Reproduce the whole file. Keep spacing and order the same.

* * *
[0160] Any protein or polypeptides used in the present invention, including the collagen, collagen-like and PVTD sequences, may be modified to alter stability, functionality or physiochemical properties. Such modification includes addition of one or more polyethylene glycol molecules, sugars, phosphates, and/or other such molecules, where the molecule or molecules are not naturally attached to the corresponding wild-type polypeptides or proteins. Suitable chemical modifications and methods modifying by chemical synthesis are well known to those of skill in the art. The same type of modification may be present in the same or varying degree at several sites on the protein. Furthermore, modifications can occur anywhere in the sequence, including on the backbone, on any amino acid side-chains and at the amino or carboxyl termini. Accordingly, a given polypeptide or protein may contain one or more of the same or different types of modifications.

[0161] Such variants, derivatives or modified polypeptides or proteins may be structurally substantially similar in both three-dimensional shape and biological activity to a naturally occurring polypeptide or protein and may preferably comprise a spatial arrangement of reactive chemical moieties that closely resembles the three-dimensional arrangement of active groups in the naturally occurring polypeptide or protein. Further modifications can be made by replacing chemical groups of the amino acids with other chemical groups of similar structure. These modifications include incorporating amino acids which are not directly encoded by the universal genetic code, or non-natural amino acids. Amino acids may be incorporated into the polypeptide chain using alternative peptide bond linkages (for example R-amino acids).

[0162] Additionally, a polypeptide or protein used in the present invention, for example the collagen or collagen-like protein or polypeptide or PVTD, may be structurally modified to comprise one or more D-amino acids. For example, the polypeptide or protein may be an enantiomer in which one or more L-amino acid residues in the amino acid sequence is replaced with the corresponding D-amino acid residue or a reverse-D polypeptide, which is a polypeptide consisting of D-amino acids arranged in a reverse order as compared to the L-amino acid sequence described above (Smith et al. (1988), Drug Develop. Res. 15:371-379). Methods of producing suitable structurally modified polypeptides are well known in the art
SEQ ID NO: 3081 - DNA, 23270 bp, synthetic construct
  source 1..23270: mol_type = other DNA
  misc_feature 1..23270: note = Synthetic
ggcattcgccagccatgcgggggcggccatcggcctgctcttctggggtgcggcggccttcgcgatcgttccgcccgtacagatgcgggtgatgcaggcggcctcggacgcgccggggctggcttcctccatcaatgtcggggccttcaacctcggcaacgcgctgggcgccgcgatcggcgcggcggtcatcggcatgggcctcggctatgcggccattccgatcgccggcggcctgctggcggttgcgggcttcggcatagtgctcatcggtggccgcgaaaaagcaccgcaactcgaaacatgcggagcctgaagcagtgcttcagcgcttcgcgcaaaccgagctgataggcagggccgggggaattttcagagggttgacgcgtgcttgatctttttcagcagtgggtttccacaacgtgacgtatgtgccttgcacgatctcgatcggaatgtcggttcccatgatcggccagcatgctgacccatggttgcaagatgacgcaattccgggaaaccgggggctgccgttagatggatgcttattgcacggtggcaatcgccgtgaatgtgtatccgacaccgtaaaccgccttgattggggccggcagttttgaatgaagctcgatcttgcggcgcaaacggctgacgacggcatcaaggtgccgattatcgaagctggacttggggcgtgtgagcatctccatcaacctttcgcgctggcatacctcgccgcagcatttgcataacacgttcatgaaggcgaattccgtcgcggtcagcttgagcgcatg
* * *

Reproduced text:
[0160] Any protein or polypeptides used in the present invention, including the collagen, collagen-like and PVTD sequences, may be modified to alter stability, functionality or physiochemical properties. Such modification includes addition of one or more polyethylene glycol molecules, sugars, phosphates, and/or other such molecules, where the molecule or molecules are not naturally attached to the corresponding wild-type polypeptides or proteins. Suitable chemical modifications and methods modifying by chemical synthesis are well known to those of skill in the art. The same type of modification may be present in the same or varying degree at several sites on the protein. Furthermore, modifications can occur anywhere in the sequence, including on the backbone, on any amino acid side-chains and at the amino or carboxyl termini. Accordingly, a given polypeptide or protein may contain one or more of the same or different types of modifications.

[0161] Such variants, derivatives or modified polypeptides or proteins may be structurally substantially similar in both three-dimensional shape and biological activity to a naturally occurring polypeptide or protein and may preferably comprise a spatial arrangement of reactive chemical moieties that closely resembles the three-dimensional arrangement of active groups in the naturally occurring polypeptide or protein. Further modifications can be made by replacing chemical groups of the amino acids with other chemical groups of similar structure. These modifications include incorporating amino acids which are not directly encoded by the universal genetic code, or non-natural amino acids. Amino acids may be incorporated into the polypeptide chain using alternative peptide bond linkages (for example R-amino acids).

[0162] Additionally, a polypeptide or protein used in the present invention, for example the collagen or collagen-like protein or polypeptide or PVTD, may be structurally modified to comprise one or more D-amino acids. For example, the polypeptide or protein may be an enantiomer in which one or more L-amino acid residues in the amino acid sequence is replaced with the corresponding D-amino acid residue or a reverse-D polypeptide, which is a polypeptide consisting of D-amino acids arranged in a reverse order as compared to the L-amino acid sequence described above (Smith et al. (1988), Drug Develop. Res. 15:371-379). Methods of producing suitable structurally modified polypeptides are well known in the art
SEQ ID NO: 3081 - DNA, 23270 bp, synthetic construct
  source 1..23270: mol_type = other DNA
  misc_feature 1..23270: note = Synthetic
ggcattcgccagccatgcgggggcggccatcggcctgctcttctggggtgcggcggccttcgcgatcgttccgcccgtacagatgcgggtgatgcaggcggcctcggacgcgccggggctggcttcctccatcaatgtcggggccttcaacctcggcaacgcgctgggcgccgcgatcggcgcggcggtcatcggcatgggcctcggctatgcggccattccgatcgccggcggcctgctggcggttgcgggcttcggcatagtgctcatcggtggccgcgaaaaagcaccgcaactcgaaacatgcggagcctgaagcagtgcttcagcgcttcgcgcaaaccgagctgataggcagggccgggggaattttcagagggttgacgcgtgcttgatctttttcagcagtgggtttccacaacgtgacgtatgtgccttgcacgatctcgatcggaatgtcggttcccatgatcggccagcatgctgacccatggttgcaagatgacgcaattccgggaaaccgggggctgccgttagatggatgcttattgcacggtggcaatcgccgtgaatgtgtatccgacaccgtaaaccgccttgattggggccggcagttttgaatgaagctcgatcttgcggcgcaaacggctgacgacggcatcaaggtgccgattatcgaagctggacttggggcgtgtgagcatctccatcaacctttcgcgctggcatacctcgccgcagcatttgcataacacgttcatgaaggcgaattccgtcgcggtcagcttgagcgcatg